where  =  +  + 
cyclostationary, noise w/ power spectral density
cc,  =   2 during cycle subinterval T
asynchronous Gaussian mixture noise
 +  ~ ℳ ,  , 
=  0,  +  + 1 −   0, 
• Using new noise model, add:
1. Impulsive noise mitigation
2. Cyclic adaptive
modulation and coding
Background | Acoustic | Powerline | Cellular | Conclusion
21
Impulsive Noise Mitigation Techniques
• Compressive sensing approach used for low impulse power
• AMP provides best performance vs. complexity tradeoff
compressive sensing
Method
Impulse Power
Low
High
NonParametric?
Computational
Complexity
Nulling/
Clipping[Tse12]
Low
Iterative Decoding for
OFDM[Har00]
High
Thresholded Least
Squares/MMSE[Cai08]
Med
Sparse Bayesian
Learning[Lin13]
l1-norm
minimization[Cai08]
Approximate Message
Passing (AMP)[Nas13, Nie13]
Background | Acoustic | Powerline | Cellular | Conclusion
High
(matrix inversion)
High
Med
22
Implementation Process
• Implemented using field programmable gate arrays (FPGAs)
Floating-point
algorithm
Determine static
schedule, map to
fixed-point data
and arithmetic
Background | Acoustic | Powerline | Cellular | Conclusion
[Nie13b]
Translate to
hardware
23
Real-Time Measurements in Impulsive Noise
uncoded bit-error-rate (BER)
• Up to 8 dB of impulsive noise mitigated in real-time testbed
target BER = 10-2
8 dB gain
for 30 dB
impulse power
4 dB gain
for 20 dB
impulse power
signal-to-noise ratio (SNR) [dB]
Background | Acoustic | Powerline | Cellular | Conclusion
24
Cyclic Adaptive Modulation and Coding
• Rate maximized by solving
rate for a
given map
theoretical
SNR→BER
Example S and C* for G3-PLC in
CENELEC-A (35.9-90.6 kHz) band
target
BER
using SNR estimate
• Transmitter and receiver
exchange tone map
• Circularly index tone map
modulation bits/subcarrier
3
2
1
0.25
Background | Acoustic | Powerline | Cellular | Conclusion
25
Simulations Using P1901.2 Noise Model
Case A
noise
200
200
Case C
Case B
moderate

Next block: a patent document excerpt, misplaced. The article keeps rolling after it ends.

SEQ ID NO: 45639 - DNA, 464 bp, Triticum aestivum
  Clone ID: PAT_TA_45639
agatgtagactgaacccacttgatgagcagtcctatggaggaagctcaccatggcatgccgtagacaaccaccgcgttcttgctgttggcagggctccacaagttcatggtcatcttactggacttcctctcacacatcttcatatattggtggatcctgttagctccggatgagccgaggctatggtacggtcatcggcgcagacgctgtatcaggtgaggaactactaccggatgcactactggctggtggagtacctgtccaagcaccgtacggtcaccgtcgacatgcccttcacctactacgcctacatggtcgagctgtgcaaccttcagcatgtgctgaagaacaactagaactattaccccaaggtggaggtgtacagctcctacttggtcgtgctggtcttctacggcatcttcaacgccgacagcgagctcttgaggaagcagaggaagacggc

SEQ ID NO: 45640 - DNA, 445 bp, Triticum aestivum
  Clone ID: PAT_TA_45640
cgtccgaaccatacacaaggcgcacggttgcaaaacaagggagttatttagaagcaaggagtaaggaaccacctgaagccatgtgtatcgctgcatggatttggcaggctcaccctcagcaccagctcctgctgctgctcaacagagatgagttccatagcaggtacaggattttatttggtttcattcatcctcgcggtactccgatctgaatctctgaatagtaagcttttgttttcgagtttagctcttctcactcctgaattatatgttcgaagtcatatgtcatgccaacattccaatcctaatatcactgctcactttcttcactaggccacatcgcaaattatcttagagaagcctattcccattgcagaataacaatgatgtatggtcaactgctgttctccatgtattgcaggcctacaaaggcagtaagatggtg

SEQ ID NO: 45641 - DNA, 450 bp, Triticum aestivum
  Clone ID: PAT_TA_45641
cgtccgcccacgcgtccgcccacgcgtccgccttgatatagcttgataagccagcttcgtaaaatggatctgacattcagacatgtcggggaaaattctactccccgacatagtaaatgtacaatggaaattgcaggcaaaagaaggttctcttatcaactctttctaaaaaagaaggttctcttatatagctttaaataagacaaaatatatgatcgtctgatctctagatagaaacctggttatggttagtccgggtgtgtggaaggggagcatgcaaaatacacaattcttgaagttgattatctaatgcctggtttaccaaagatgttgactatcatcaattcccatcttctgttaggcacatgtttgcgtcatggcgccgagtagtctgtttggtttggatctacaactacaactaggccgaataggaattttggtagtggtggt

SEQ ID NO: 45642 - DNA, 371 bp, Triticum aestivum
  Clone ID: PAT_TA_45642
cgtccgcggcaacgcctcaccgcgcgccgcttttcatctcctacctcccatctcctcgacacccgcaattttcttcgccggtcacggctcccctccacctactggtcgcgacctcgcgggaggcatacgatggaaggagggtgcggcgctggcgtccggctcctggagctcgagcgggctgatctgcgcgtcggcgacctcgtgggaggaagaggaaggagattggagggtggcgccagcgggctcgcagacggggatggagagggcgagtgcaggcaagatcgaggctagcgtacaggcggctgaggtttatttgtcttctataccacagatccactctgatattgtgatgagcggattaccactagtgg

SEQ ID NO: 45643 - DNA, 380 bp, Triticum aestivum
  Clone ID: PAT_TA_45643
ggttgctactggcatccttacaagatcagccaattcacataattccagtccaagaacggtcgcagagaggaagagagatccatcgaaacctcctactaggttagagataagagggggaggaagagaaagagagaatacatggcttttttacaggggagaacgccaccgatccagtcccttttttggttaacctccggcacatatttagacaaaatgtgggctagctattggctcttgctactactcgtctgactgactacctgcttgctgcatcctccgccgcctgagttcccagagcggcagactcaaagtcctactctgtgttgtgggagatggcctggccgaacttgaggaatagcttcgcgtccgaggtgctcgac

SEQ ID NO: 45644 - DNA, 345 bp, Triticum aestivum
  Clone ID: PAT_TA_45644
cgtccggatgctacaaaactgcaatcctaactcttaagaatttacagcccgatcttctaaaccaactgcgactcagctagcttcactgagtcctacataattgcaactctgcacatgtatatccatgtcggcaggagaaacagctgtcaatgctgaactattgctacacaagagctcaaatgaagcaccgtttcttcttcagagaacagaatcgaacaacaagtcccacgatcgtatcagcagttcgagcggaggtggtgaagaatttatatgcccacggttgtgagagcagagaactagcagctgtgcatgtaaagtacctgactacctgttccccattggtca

cyclic packet
noise
noise
w/ transmit
40
20
20
20
time (ms)
30
40
0
0
0
-20 100
-20
-40
-40 50
-60
-80
-60
-60
40
15
10
20
time (ms)
30
0
40
15
10
5
5
5
0
-5
-5
-10
-10
-15
0
10
20
time (ms)
30
40
amplitude
10
amplitude
10
0
-15
0
20
150
-40
-60 50
0
10
200
frequency (kHz)
signal strength (dB)
50
amplitude
amplitude
150
-20
100
-20
-40
100
15
20
20
signal strength (dB)
0
0
frequency (kHz)
frequency (kHz)
150
0
moderate cyclic noise +
narrowband noise
-20
-40
-60
10
20
time (ms)
30
40
10
20
time (ms)
30
40
0
-5
-10
10
20
time (ms)
30
40
-15
0
Background | Acoustic | Powerline | Cellular | Conclusion
signal strength (dB)
mild cyclic noise
BL
Case C: Cyclostationary + Narrowband Noise
-2
10
-10
Raw BER
0
OFDM symbols
10
-2
10
-2
10
-4
-5
0
5
-4
-5
0
5
10
15
Es /No(dB)
Raw and Decoder BLER
20
25
30
10
20
25
10
coded BLER
1
20
25
30
25
30
25
30
current
Payload Length
CyclicLoading (pb = 10-1)
proposed
Can be used to achieve
-5
0
5
10
15
same
throughput
at 100x
Es /No(dB)
less transmit power
Raw and Decoder BLER
20
-1
10
raw throughput (kbps)
Raw Channel Throughput for Npdsu = 64 B
10
-10
-5
-1
10
-2
-10
-5
0
5
10
15
Es /No(dB)
20
10
15
Es /No(dB)
Payload
Length
20
-2
-10
2
10
-5
0
5
2
10
25
25
throughput (kbps)
-2
10
-1
10
10
15
Es /No(dB)
200
10
10
DBPSK
DQPSK
D8PSK
Raw and Decoder BLER
0
5
CyclicLoading (pb = 10-2)
30
up to 28 dB operating point shift
0
2
10
10
-10
0
BLER
10
-10
10
15
Es /No(dB)
0
legend
10
10
-10
-5
uncoded
BER
Raw BER
0
OFDM symbols
BER
BLER
ols
10
30
30
0
150
5
10
15
Es /No(dB)
Payload Length
50
0
-10
-5
0
5
0
CyclicLoading (pb = 10-1)
5
10
15
20
-2
CyclicLoading
E /N (dB) (pb = 10 )
o
10
15
20
Es /No(dB) for N
Raw Channel Throughput
= 64 B
pdsu
Payload Length| Acoustic | Powerline | Cellular | Conclusion
Background
200
30
DBPSK
DQPSK
D8PSK
s
-5
25
100
1
10
-10
20
25
30
27
Contribution 2 Summary
Highlights
Conduct noise measurement campaign and cyclic spectral analysis
Implement real-time impulsive noise mitigation testbed for PLC
Develop cyclic adaptive modulation and coding scheme for OFDM
Achieved up to 8 dB noise mitigation in real-time and 28 dB operating point shifts
Relevant work
[Nie13a] – K.F. Nieman, J. Lin, M. Nassar, K. Waheed, and B.L. Evans, "Cyclic spectral analysis of
power line noise in the 3-200 kHz band," Proc. IEEE ISPLC, 2013. Won best paper award
[Nie13b] – K.F. Nieman, M. Nassar, J. Lin, and B.L. Evans, "FPGA implementation of a messagepassing OFDM receiver for impulsive noise channels. Proc. IEEE Asilomar Conf. on Signals,
Systems, and Computers, 2013. Won best student paper Architecture and Implementation Track
[Wah14] – K. Waheen, K. F. Nieman, Adaptive cyclic channel coding for orthogonal frequency division
multiplexed (OFDM) systems, US patent pending, 2014.
Background | Acoustic | Powerline | Cellular | Conclusion
28
Third Contribution
Space-Time-Frequency Methods for
Multi-Antenna Cellular Communications
http://www.steelintheair.com/Cell-Phone-Tower.html
Background | Acoustic | Powerline | Cellular | Conclusion
29
Multiple-Input, Multiple-Output (MIMO)